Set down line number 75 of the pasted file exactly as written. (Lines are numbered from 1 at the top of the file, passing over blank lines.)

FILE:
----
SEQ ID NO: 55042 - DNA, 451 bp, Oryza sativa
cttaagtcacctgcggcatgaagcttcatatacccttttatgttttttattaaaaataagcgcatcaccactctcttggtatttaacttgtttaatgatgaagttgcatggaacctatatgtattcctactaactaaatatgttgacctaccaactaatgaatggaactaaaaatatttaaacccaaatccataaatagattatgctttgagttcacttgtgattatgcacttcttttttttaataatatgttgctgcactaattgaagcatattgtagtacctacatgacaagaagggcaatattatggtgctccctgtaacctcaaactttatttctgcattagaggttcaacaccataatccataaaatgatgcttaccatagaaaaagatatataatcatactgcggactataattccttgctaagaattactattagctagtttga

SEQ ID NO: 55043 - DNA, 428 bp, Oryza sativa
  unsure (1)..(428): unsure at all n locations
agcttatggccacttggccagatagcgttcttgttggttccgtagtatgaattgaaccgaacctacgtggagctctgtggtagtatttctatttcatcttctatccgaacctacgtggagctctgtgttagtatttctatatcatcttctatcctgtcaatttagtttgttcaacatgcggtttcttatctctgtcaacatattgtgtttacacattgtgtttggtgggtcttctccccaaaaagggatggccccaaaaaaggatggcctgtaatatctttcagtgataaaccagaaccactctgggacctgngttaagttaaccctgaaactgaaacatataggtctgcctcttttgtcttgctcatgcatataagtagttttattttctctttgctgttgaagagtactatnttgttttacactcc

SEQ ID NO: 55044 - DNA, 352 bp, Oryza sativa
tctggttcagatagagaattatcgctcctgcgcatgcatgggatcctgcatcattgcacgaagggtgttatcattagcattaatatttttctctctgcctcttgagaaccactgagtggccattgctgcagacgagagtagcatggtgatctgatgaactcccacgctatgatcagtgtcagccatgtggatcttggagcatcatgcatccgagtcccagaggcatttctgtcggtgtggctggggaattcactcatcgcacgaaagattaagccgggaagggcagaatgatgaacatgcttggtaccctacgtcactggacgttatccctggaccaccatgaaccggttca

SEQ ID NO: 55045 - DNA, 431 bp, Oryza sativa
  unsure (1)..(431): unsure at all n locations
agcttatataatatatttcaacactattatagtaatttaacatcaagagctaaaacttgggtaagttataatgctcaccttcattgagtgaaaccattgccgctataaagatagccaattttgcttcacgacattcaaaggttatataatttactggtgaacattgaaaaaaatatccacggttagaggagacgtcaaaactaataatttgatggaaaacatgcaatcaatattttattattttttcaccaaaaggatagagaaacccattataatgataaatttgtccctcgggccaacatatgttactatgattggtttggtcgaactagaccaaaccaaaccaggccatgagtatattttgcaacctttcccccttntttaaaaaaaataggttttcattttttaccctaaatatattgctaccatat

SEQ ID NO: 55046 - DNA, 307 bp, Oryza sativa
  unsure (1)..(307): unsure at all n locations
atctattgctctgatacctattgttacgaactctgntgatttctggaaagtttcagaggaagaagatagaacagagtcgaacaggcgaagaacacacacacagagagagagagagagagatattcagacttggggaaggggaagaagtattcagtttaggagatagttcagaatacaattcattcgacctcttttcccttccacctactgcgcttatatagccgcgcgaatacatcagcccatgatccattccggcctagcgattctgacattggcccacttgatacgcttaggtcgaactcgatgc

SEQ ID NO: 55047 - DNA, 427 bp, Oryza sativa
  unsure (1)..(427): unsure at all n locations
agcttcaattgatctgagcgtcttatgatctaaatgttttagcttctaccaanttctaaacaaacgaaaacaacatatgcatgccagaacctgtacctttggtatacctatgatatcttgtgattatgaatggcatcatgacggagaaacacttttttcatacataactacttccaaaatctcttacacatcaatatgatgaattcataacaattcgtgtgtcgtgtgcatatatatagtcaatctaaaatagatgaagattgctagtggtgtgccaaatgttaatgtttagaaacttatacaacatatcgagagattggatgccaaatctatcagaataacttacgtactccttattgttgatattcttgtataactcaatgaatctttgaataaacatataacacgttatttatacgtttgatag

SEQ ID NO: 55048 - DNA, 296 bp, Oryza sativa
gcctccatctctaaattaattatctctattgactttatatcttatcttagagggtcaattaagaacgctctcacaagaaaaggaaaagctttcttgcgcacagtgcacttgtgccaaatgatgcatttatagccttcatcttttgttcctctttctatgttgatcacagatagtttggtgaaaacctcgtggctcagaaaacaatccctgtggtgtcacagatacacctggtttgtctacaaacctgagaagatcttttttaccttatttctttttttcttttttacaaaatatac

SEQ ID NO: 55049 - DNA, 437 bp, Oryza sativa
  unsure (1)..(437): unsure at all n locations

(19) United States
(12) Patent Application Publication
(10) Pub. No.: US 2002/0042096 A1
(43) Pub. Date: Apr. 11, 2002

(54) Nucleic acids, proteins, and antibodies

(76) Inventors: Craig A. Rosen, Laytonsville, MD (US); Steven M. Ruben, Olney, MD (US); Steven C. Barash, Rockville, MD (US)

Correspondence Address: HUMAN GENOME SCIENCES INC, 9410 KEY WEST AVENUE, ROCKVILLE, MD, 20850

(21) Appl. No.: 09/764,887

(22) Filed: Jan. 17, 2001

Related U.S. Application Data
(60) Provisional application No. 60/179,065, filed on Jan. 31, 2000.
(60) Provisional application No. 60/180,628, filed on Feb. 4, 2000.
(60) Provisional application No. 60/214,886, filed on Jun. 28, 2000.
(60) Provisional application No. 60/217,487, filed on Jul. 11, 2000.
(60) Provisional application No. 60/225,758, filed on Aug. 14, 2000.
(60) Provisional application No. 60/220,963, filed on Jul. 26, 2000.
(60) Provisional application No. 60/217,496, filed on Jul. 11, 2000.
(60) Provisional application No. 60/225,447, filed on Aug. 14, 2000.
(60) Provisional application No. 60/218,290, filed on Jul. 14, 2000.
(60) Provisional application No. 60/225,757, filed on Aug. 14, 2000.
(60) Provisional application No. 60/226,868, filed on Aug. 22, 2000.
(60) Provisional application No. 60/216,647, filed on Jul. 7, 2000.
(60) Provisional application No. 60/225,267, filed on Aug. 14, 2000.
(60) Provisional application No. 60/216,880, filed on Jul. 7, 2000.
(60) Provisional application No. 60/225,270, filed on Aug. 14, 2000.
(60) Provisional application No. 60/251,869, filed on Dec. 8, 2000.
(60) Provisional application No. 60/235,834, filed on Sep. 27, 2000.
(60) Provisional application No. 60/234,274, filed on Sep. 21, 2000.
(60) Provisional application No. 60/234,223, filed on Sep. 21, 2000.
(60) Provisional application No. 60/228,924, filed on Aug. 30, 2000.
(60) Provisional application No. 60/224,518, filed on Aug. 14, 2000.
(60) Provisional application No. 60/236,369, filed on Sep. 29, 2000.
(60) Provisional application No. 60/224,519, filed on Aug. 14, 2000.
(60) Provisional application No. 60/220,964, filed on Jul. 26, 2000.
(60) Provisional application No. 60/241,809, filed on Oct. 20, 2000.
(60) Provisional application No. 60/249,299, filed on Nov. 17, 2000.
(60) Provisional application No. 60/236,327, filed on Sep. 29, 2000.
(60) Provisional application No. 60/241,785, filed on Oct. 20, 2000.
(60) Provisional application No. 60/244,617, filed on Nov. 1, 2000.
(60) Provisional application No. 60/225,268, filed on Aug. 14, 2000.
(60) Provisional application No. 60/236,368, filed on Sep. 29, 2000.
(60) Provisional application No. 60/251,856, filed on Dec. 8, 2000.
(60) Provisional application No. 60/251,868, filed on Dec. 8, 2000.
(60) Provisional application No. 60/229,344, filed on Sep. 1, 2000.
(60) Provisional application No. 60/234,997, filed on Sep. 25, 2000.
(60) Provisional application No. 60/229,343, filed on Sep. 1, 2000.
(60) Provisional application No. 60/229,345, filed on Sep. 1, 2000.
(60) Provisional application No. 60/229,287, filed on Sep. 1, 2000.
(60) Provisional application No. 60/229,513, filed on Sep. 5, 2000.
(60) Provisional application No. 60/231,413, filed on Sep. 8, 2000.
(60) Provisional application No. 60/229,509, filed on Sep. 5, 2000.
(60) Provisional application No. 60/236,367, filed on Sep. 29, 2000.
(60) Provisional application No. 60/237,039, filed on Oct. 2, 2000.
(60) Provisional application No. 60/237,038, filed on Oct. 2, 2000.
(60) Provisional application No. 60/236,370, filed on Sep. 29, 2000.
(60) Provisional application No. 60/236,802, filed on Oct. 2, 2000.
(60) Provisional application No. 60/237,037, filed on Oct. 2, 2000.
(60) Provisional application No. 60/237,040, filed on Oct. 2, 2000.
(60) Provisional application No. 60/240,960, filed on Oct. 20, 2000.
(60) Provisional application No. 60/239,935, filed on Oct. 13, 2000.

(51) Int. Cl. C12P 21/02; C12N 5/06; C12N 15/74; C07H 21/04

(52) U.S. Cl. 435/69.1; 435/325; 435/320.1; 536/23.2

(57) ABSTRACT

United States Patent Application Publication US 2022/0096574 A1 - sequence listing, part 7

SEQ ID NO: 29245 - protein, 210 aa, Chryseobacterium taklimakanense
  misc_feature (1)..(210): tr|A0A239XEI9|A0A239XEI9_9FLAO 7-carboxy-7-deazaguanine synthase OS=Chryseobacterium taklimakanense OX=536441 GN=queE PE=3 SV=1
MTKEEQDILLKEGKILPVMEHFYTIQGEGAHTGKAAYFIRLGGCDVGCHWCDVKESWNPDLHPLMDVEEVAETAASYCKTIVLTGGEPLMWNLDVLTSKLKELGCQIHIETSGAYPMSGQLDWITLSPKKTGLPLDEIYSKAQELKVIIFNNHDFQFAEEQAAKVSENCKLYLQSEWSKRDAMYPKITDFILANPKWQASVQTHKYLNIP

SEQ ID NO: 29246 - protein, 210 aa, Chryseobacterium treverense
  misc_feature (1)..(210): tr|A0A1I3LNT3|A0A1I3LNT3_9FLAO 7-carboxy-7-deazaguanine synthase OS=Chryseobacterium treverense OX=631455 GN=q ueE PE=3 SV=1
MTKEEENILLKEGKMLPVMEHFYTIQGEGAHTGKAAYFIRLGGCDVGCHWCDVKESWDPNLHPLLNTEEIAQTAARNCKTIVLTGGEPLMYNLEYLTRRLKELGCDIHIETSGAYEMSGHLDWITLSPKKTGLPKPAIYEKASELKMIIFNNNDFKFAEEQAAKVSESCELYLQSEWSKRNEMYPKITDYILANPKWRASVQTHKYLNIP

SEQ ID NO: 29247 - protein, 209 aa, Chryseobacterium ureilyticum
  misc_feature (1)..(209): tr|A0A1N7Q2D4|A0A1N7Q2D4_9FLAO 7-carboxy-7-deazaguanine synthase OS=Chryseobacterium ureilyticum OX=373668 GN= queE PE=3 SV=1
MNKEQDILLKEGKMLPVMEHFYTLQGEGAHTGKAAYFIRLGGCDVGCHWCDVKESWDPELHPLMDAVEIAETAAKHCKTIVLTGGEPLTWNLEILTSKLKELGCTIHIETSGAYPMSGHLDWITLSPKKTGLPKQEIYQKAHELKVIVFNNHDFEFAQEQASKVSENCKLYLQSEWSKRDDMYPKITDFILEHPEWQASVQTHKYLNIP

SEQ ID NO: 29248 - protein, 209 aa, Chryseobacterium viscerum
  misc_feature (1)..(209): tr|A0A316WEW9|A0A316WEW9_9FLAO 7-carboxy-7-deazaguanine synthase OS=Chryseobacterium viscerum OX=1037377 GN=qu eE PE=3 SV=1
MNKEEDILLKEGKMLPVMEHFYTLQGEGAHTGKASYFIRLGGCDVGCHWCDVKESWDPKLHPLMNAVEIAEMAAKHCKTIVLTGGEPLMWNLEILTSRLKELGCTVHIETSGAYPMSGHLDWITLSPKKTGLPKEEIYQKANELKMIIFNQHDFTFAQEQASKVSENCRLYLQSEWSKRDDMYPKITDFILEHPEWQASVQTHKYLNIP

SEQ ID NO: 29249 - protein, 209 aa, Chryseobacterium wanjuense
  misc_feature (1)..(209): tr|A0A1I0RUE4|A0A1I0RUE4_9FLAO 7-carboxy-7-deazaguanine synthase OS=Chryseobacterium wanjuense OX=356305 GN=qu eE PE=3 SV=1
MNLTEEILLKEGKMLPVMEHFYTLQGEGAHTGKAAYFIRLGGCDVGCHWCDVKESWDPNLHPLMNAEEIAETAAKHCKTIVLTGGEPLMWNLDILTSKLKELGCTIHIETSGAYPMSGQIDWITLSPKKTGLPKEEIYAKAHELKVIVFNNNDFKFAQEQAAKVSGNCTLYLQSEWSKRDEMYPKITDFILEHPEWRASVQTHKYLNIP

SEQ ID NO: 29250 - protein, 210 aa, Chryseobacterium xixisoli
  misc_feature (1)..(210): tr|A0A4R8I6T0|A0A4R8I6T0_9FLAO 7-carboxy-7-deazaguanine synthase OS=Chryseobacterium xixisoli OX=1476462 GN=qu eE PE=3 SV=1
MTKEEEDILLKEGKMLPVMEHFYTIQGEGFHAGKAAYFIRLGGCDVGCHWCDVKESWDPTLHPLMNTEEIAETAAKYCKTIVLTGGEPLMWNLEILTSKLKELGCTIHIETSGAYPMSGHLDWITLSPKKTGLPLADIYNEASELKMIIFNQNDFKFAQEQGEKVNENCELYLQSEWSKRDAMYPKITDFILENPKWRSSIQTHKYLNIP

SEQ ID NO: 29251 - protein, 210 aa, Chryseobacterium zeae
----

(60) Provisional application No. 60/236,370, filed on Sep. 29, 2000.